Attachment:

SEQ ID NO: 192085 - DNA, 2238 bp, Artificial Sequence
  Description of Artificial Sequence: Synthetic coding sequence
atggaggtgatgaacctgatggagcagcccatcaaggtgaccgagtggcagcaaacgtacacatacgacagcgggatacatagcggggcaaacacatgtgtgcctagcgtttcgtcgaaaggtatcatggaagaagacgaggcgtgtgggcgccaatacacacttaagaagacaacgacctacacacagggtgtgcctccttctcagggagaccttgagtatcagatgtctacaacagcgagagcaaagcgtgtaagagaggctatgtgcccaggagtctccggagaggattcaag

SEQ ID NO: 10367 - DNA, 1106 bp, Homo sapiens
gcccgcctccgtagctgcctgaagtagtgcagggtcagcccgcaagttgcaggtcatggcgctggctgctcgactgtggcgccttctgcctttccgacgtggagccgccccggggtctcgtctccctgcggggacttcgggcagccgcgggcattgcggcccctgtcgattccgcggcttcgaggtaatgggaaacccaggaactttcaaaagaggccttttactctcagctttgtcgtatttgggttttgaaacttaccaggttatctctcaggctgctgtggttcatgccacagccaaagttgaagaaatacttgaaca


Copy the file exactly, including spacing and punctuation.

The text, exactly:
SEQ ID NO: 192085 - DNA, 2238 bp, Artificial Sequence
  Description of Artificial Sequence: Synthetic coding sequence
atggaggtgatgaacctgatggagcagcccatcaaggtgaccgagtggcagcaaacgtacacatacgacagcgggatacatagcggggcaaacacatgtgtgcctagcgtttcgtcgaaaggtatcatggaagaagacgaggcgtgtgggcgccaatacacacttaagaagacaacgacctacacacagggtgtgcctccttctcagggagaccttgagtatcagatgtctacaacagcgagagcaaagcgtgtaagagaggctatgtgcccaggagtctccggagaggattcaag

SEQ ID NO: 10367 - DNA, 1106 bp, Homo sapiens
gcccgcctccgtagctgcctgaagtagtgcagggtcagcccgcaagttgcaggtcatggcgctggctgctcgactgtggcgccttctgcctttccgacgtggagccgccccggggtctcgtctccctgcggggacttcgggcagccgcgggcattgcggcccctgtcgattccgcggcttcgaggtaatgggaaacccaggaactttcaaaagaggccttttactctcagctttgtcgtatttgggttttgaaacttaccaggttatctctcaggctgctgtggttcatgccacagccaaagttgaagaaatacttgaaca